B.C. government’s first cannabis retail store opens in Kamloops, October 2018. Windows are frosted to comply with regulation that there be no view inside, which turned out to be a safety issue. (B.C. government)

B.C. requires liquor-style “selling it right” course for cannabis retailers

Stores now allowed clear windows, with no products shown

The B.C. government has relieved one regulatory burden from recreational marijuana stores, and imposed another one.

After hundreds of cannabis retailers frosted or masked windows under license terms the province imposed in late 2018, Attorney General David Eby announced June 18 that “non-transparent walls” are no longer required. The change applies to private retailers and government-owned BC Cannabis stores, which used frosted glass.

The change is about “employee safety,” mainly to deter theft attempts by improving visibility. Regulations still prevent any products, packaging or labels from being visible from outside the store, where children under 19 might be exposed to them.

The province is also requiring non-medical cannabis retail employees to take a “selling it right” online course at a cost of $35 plus GST, for a certificate good for two years after completion. Existing cannabis retail and marketing businesses, including government stores, have until Sept. 30 to ensure their employees complete the course, which is based on the “serving it right” course for liquor retailers.

RELATED: B.C. launches cannabis ‘navigator’ for small producers

RELATED: ‘B.C. Bud’ still underground, Horgan hopes to save it

Regulations are administered by the Liquor and Cannabis Regulation Branch, part of the province’s transition after Prime Minister Justin Trudeau declared recreational cannabis legal in October 2018. The province has yet to cover its costs from the project, which includes a 15 per cent markup to stores from the provincial monopoly liquor and cannabis wholesaler.


@tomfletcherbc
tfletcher@blackpress.ca

Like us on Facebook and follow us on Twitter.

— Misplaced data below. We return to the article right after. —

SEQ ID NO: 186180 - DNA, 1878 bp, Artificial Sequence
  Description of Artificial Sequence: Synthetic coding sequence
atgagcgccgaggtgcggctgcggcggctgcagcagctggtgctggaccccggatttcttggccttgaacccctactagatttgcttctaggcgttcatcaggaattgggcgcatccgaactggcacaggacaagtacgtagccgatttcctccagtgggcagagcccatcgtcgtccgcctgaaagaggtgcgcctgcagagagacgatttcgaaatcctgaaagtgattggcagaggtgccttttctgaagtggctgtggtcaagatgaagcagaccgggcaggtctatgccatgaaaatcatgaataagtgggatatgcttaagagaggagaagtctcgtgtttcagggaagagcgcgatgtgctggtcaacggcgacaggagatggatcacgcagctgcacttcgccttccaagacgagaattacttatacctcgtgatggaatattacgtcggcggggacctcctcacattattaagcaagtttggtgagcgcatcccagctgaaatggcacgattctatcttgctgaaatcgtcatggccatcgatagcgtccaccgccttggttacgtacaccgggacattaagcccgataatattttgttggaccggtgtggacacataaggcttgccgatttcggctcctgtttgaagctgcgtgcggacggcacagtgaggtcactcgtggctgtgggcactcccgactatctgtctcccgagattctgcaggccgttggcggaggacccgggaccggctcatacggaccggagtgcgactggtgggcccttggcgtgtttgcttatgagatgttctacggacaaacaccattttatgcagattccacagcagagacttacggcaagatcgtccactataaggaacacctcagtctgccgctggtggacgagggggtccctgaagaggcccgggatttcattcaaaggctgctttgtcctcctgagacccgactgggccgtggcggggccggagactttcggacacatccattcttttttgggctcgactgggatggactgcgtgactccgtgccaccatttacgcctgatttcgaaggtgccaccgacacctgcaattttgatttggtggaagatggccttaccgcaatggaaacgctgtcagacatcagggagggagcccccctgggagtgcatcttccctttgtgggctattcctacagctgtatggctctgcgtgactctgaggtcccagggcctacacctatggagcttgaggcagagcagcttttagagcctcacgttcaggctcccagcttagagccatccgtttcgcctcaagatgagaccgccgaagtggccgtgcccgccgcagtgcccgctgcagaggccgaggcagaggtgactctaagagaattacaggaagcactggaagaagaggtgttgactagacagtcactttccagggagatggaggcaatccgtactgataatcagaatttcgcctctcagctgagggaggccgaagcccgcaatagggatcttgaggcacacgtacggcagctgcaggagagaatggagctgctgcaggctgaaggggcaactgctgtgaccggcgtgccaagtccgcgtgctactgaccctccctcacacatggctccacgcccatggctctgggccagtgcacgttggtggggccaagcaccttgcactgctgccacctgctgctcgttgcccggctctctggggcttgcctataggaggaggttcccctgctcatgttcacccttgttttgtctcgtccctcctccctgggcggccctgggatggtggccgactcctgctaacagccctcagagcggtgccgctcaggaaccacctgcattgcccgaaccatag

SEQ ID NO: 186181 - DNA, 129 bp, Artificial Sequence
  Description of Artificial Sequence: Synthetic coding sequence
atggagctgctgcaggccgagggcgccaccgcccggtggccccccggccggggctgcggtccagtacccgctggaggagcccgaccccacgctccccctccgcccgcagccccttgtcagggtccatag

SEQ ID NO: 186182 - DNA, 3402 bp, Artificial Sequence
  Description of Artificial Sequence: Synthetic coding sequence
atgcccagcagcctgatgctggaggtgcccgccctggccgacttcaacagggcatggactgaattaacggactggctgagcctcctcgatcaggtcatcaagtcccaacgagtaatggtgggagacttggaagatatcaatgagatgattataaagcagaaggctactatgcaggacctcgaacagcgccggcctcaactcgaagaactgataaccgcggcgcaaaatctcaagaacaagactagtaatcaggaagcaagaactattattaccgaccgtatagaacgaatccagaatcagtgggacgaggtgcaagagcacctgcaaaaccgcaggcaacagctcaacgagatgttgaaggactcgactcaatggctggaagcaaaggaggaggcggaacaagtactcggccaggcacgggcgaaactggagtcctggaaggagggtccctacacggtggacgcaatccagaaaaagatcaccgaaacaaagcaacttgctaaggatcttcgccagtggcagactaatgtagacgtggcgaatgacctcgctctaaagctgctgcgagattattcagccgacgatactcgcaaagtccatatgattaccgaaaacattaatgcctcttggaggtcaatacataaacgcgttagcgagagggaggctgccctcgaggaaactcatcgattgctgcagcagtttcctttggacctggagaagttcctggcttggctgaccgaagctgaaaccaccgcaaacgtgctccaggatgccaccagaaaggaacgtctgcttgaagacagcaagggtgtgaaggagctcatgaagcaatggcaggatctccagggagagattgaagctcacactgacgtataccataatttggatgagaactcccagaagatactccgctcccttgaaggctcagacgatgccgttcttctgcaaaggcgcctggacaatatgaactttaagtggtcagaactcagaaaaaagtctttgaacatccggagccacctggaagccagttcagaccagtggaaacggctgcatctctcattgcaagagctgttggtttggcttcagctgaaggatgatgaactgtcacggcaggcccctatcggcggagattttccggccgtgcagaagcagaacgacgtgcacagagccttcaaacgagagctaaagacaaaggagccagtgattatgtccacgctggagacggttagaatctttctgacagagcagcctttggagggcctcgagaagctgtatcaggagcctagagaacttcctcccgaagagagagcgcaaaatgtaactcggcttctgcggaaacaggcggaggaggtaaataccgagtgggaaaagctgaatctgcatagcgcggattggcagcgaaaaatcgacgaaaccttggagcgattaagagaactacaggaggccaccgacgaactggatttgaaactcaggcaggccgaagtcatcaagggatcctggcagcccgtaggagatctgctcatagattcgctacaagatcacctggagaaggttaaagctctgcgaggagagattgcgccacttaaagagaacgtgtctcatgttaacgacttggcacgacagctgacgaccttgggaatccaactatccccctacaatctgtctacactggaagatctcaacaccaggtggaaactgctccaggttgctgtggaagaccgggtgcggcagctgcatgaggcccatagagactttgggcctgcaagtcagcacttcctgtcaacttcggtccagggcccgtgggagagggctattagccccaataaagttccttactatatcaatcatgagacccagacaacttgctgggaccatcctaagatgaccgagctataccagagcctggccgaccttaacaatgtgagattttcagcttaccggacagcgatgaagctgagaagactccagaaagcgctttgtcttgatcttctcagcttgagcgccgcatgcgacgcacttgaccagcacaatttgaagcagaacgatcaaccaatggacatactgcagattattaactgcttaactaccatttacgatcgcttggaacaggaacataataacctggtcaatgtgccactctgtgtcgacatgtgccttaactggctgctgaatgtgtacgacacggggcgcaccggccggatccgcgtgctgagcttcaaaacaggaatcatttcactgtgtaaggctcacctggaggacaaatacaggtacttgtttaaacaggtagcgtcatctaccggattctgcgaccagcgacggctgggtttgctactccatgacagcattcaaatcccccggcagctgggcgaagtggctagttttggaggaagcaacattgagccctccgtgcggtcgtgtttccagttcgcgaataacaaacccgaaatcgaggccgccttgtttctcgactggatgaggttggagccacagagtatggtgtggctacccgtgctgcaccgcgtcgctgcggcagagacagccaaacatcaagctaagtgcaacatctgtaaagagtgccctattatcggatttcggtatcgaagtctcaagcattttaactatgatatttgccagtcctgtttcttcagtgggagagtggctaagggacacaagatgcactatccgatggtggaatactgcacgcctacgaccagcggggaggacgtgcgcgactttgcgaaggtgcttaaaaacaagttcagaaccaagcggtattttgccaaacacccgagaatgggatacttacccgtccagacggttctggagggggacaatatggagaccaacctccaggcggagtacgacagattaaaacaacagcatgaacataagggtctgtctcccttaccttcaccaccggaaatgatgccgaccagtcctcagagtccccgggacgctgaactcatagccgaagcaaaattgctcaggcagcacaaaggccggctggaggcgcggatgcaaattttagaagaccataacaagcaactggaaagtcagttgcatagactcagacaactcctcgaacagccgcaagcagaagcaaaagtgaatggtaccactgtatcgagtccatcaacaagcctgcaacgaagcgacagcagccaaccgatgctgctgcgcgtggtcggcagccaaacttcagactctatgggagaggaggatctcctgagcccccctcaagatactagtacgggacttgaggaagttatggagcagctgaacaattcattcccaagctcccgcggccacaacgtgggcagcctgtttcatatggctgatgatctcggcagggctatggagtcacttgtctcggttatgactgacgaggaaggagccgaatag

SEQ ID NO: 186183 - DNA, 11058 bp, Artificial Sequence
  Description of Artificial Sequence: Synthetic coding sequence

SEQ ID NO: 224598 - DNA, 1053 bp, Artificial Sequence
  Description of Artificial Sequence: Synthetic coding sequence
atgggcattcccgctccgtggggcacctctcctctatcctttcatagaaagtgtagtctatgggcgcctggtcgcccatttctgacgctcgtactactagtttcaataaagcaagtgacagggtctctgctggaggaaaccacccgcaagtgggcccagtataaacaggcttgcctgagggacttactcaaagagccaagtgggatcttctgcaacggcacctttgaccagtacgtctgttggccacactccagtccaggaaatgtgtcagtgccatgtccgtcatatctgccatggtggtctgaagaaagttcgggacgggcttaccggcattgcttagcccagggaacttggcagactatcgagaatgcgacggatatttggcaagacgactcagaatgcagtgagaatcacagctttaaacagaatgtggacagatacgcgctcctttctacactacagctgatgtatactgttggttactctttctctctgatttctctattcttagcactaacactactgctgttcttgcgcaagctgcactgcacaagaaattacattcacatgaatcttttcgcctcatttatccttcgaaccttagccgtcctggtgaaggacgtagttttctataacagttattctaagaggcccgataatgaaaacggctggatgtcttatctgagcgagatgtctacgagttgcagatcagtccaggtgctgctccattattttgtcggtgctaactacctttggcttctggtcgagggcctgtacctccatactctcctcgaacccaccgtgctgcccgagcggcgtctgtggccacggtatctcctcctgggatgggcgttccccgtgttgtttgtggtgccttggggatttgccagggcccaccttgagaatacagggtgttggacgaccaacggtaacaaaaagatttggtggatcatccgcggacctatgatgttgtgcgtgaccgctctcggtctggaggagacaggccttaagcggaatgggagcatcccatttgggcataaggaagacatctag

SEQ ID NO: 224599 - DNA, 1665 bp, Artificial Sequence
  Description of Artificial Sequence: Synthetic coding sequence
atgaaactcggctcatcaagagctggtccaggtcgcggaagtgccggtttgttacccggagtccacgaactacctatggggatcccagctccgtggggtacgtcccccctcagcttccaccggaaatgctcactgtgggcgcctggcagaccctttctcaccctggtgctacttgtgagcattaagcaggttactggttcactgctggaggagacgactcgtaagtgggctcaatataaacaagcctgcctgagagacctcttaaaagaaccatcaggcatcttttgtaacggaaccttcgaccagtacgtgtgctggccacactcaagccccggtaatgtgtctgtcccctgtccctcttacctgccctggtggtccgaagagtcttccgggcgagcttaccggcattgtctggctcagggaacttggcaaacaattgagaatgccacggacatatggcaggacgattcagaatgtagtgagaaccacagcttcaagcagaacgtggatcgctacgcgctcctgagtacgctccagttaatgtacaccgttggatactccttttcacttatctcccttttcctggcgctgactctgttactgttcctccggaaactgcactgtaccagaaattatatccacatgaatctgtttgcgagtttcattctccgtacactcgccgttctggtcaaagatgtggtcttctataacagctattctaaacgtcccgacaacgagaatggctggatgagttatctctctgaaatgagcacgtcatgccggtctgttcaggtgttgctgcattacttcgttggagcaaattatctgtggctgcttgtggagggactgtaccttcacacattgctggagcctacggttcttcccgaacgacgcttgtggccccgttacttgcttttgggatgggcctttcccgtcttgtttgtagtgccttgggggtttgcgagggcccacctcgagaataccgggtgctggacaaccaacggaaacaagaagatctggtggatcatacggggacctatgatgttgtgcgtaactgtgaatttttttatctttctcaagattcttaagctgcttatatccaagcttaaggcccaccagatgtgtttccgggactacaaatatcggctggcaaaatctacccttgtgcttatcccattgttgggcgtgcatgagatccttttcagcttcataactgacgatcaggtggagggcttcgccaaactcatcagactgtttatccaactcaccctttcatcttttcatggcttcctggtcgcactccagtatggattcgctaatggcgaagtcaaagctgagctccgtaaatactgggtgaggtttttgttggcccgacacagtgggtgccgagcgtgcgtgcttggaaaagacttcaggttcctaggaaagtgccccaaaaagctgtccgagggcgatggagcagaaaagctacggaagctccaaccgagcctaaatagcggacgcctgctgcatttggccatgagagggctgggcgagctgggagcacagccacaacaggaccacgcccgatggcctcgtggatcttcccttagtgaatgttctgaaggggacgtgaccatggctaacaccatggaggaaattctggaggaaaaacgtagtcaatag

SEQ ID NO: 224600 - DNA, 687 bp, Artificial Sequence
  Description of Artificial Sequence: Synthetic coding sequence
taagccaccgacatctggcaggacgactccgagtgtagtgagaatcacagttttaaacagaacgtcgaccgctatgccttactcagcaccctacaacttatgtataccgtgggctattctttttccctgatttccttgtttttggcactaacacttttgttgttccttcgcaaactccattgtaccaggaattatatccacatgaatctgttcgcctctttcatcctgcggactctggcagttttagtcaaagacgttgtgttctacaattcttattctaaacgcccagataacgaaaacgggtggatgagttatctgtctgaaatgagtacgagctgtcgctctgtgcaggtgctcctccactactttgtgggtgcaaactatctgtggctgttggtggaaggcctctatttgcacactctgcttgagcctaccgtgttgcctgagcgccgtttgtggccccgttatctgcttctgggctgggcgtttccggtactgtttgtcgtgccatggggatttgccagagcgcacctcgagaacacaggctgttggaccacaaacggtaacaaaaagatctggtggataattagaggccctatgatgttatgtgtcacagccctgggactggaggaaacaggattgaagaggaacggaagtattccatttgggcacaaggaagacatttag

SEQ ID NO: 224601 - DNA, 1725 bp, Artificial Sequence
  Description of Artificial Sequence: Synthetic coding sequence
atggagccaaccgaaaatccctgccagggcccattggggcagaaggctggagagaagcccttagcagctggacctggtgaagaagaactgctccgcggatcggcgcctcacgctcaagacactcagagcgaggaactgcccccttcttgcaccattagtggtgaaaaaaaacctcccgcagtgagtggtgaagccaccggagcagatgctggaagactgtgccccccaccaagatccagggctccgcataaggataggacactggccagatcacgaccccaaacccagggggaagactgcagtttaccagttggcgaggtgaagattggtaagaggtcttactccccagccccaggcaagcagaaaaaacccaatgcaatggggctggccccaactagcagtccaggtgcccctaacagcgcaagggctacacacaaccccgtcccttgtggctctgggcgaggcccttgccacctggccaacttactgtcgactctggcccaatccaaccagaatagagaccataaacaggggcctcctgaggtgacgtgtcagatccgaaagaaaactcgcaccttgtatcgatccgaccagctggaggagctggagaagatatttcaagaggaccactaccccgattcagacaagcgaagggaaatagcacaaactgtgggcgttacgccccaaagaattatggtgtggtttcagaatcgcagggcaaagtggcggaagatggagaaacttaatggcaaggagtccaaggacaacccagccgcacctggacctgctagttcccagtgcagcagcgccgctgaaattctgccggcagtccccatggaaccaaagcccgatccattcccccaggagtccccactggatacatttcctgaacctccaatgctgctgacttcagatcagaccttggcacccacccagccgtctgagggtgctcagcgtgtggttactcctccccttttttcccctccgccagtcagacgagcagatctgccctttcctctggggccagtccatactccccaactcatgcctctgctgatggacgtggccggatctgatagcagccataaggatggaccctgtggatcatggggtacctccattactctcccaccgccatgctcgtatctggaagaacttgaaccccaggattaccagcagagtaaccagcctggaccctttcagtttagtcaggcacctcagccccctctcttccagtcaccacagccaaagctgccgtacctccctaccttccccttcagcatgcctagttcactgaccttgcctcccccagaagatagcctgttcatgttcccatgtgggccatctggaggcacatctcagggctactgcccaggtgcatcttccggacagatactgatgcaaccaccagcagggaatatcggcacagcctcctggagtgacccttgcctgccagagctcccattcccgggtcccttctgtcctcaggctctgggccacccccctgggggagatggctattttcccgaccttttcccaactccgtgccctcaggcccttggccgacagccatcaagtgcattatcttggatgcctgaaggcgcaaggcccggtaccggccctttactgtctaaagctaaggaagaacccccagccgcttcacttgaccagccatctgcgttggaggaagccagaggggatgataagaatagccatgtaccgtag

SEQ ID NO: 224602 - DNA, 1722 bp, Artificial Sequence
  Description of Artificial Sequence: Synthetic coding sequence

BC legislaturecannabis

Get local stories you won't find anywhere else right to your inbox.
Sign up here

Just Posted

Provincial COVID-19 data can now be used for B.C. to prepare for a second wave

In the past week, B.C. has seen a slight spike in daily test-positive case counts

Four air ambulance flights out of Terrace delayed or cancelled

Pandemic precautions caused nighttime closure of service station providing weather data to pilots

Skeena Resources, Tahltan prez excited by purchase of Eskay Creek

Skeena gets full control of mine, Barrick gets 12 per cent of Skeena and a one per cent royalty

VIA Rail lays off 1,000 unionized workers across the country

Northern B.C. route Jasper to Prince George to Prince Rupert is not affected by VIA Rail layoffs

Overall house sales drop in the northwest

COVID-19 pandemic slowed market activity

Wage subsidy will be extended until December amid post-COVID reopening: Trudeau

Trudeau said the extension will ‘give greater certainty and support to businesses’

Tree planters get help with COVID-19 protective measures

Ottawa funds extra transportation, sanitizing for crews

Trudeau apologizes for not recusing himself from WE decision

He says his and his family’s longtime involvement with the WE organization should have kept him out of the discussions

Beverly Hills 90210 star’s family selling Vancouver Island Beach Resort

You can own Jason Priestley’s Terrace Beach Resort in Ucluelet for less than $5 million

Islanders want BC Ferries to follow order that lets residents board before tourists

For ferry-dependent communities, ferries are often the sole practical lifeline to work, school or medical appointments.

Washington’s NFL team drops ‘Redskins’ name after 87 years

The franchise was given the name back in 1933, when it was still in Boston

Genetic detectives begin work to trace spread of COVID-19 in Canada

The kinds of genetic technology being used for this project did not exist when SARS hit Canada in 2003

Most Read